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Valle de Zaragoza

Chihuahua

160 kilometers ( 62 miles ) from the city of Chihuahua, is located Valle de Zaragoza, a town whose beginnings date back to the viceregal era and which gets its name from being established on a valley on the banks of the Conchos River. The surname is a tribute to General Ignacio Zaragoza, as told by its inhabitants.

With trees as old as its buildings, the region initially called Pilar de Conchos, has an iconic Alameda, of course, full of poplars that have witnessed the passage of time, its golden age and decisive events in the history of our country, such as the Mexican Revolution of 1910.

Its people tell that Francisco Villa had his enemies shot by hanging them from the highest poplars on this avenue, which today is a recreational area for families, with grills and children's games where weekends become a real vacation.

Others say that the gold hidden by the general is still buried in the mezcalera hill, but none of them has undertaken the search mission.

Instead, the Zaragonians have found their way of life in cattle ranching, agriculture and the foreign exchange that their people send from the United States to those who stayed behind. Perhaps that is why the Valley seems to be inhabited by older people, wise people who understand the land and remember the history as if they were the protagonists, perhaps because some of them did .

Today, many ranch owners like “La Laborcita”, which was a Porfirian hacienda in the 19th century, dedicate their days to preserving their trades and continuing in business, as if the word retirement had no place in the dictionary in the town.

160 kilometers ( 62 miles ) from the city of Chihuahua, is located Valle de Zaragoza, a town whose beginnings date back to the viceregal era and which gets its name from being established on a valley on the banks of the Conchos River. The surname is a tribute to General Ignacio Zaragoza, as told by its inhabitants.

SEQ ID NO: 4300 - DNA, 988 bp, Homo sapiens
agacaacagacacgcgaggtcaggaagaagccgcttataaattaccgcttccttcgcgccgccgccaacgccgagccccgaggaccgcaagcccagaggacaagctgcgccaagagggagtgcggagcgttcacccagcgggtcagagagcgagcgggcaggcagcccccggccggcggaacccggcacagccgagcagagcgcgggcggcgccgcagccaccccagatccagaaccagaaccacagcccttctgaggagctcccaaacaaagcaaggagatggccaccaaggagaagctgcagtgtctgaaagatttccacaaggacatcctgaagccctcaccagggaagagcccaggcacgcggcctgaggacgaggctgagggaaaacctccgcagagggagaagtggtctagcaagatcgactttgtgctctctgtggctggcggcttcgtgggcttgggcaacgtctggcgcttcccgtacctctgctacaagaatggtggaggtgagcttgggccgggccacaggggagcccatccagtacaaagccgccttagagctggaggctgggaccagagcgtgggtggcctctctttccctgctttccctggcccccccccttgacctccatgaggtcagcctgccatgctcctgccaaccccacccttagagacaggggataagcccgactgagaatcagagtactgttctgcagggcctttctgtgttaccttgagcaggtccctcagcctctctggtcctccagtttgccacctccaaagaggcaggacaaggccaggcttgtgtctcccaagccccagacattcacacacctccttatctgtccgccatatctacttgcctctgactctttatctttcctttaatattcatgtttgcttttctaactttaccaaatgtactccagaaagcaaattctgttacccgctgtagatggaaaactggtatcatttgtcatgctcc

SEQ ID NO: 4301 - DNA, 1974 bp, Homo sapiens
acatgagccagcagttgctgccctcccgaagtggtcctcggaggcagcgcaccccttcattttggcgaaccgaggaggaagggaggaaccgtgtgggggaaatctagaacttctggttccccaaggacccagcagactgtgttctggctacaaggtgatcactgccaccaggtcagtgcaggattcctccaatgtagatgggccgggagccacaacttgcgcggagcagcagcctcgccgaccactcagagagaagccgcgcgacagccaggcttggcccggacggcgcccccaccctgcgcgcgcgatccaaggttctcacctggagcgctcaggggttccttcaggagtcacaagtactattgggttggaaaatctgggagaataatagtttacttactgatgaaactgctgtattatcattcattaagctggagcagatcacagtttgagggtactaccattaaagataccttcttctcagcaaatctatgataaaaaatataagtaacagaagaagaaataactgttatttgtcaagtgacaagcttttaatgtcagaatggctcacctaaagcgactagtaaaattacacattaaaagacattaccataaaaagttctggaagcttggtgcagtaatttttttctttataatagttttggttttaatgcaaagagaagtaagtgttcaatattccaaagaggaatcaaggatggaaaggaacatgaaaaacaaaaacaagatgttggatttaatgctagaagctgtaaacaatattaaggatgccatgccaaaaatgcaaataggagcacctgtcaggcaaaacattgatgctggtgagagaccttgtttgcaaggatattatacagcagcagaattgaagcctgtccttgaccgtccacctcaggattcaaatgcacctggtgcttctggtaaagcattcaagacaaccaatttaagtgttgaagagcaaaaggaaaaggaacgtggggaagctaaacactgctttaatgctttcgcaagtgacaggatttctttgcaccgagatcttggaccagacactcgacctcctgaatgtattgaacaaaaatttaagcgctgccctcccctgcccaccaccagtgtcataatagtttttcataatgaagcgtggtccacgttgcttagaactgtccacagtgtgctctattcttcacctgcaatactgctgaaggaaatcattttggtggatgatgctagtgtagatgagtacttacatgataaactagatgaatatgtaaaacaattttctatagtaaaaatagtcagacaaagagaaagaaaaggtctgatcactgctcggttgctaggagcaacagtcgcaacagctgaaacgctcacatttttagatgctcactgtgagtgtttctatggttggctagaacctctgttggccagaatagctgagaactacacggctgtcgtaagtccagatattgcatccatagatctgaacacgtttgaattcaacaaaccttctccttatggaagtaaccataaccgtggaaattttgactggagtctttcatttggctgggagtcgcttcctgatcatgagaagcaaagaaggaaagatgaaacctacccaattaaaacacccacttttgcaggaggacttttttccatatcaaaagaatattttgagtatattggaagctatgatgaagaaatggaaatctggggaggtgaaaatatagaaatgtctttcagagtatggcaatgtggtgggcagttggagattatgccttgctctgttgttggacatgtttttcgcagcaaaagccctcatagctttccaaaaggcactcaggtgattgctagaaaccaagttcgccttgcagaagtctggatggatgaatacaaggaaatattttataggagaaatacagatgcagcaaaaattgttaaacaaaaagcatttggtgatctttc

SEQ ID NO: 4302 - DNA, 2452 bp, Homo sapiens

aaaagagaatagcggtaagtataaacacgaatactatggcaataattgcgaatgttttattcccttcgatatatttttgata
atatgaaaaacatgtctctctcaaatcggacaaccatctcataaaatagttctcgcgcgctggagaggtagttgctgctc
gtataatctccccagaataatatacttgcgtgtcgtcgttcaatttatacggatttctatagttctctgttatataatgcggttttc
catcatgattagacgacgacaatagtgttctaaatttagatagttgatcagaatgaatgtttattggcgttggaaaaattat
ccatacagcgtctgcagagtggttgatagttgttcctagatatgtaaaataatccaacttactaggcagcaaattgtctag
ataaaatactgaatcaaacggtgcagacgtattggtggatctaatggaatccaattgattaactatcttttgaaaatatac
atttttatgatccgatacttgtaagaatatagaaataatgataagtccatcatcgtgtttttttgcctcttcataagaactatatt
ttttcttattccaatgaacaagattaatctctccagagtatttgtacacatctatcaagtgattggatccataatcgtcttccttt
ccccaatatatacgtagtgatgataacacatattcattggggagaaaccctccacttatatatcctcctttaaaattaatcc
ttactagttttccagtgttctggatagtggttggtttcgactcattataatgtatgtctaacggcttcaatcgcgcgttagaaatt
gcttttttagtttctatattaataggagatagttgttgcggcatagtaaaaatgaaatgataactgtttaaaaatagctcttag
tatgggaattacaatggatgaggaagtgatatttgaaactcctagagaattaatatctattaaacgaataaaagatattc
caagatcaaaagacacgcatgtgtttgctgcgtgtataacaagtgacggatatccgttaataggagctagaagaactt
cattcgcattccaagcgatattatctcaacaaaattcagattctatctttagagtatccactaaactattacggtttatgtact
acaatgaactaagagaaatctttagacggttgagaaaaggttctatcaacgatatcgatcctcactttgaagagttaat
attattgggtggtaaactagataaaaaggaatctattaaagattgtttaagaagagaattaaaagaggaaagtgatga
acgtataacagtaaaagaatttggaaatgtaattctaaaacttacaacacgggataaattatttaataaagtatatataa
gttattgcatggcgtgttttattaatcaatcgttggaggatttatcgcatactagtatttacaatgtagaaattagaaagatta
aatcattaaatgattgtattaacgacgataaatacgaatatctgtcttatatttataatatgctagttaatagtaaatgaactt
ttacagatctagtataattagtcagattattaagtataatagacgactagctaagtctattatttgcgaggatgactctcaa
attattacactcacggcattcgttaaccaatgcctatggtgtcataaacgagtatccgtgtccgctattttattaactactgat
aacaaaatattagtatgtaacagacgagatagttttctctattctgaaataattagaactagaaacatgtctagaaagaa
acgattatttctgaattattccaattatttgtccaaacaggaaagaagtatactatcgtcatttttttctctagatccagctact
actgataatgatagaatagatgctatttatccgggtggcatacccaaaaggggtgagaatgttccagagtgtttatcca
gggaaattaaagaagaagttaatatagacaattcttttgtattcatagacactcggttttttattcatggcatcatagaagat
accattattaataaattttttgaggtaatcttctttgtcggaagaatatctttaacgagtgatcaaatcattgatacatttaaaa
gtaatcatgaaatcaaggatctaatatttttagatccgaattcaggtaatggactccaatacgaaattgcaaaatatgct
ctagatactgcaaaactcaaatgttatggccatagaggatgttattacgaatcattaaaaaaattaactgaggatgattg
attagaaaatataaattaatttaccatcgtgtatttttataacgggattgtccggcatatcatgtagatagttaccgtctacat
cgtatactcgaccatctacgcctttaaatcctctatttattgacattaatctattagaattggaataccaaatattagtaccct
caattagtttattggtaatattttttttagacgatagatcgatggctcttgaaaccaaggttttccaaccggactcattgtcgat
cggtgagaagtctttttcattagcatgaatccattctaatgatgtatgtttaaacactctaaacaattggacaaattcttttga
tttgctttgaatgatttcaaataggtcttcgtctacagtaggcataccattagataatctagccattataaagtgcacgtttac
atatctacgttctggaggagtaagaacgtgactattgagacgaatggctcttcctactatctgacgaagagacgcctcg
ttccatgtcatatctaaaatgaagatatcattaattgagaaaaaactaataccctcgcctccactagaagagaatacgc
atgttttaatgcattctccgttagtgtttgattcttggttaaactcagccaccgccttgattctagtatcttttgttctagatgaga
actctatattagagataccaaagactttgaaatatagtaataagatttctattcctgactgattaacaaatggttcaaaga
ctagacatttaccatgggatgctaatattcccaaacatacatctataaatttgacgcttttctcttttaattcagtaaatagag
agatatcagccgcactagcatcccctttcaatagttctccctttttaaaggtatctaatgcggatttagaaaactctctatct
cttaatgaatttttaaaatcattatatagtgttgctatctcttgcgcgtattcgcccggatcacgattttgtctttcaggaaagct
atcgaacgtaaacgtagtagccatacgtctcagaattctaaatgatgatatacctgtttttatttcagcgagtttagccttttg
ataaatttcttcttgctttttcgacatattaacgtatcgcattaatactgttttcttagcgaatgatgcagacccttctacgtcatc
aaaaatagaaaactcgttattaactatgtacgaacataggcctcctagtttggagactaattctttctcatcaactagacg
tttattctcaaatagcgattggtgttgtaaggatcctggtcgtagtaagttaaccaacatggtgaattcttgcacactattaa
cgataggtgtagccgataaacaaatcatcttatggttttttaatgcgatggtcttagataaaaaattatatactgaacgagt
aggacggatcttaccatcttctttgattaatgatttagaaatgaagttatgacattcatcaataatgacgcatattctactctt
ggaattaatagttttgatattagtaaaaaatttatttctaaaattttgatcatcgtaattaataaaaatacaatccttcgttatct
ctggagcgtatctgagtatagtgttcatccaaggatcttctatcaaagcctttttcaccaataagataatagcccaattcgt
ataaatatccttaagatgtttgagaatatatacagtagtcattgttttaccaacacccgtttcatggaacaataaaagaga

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With trees as old as its buildings, the region initially called Pilar de Conchos, has an iconic Alameda, of course, full of poplars that have witnessed the passage of time, its golden age and decisive events in the history of our country, such as the Mexican Revolution of 1910.

Its people tell that Francisco Villa had his enemies shot by hanging them from the highest poplars on this avenue, which today is a recreational area for families, with grills and children's games where weekends become a real vacation.

Others say that the gold hidden by the general is still buried in the mezcalera hill, but none of them has undertaken the search mission.

Instead, the Zaragonians have found their way of life in cattle ranching, agriculture and the foreign exchange that their people send from the United States to those who stayed behind. Perhaps that is why the Valley seems to be inhabited by older people, wise people who understand the land and remember the history as if they were the protagonists, perhaps because some of them did .

Today, many ranch owners like “La Laborcita”, which was a Porfirian hacienda in the 19th century, dedicate their days to preserving their trades and continuing in business, as if the word retirement had no place in the dictionary in the town.

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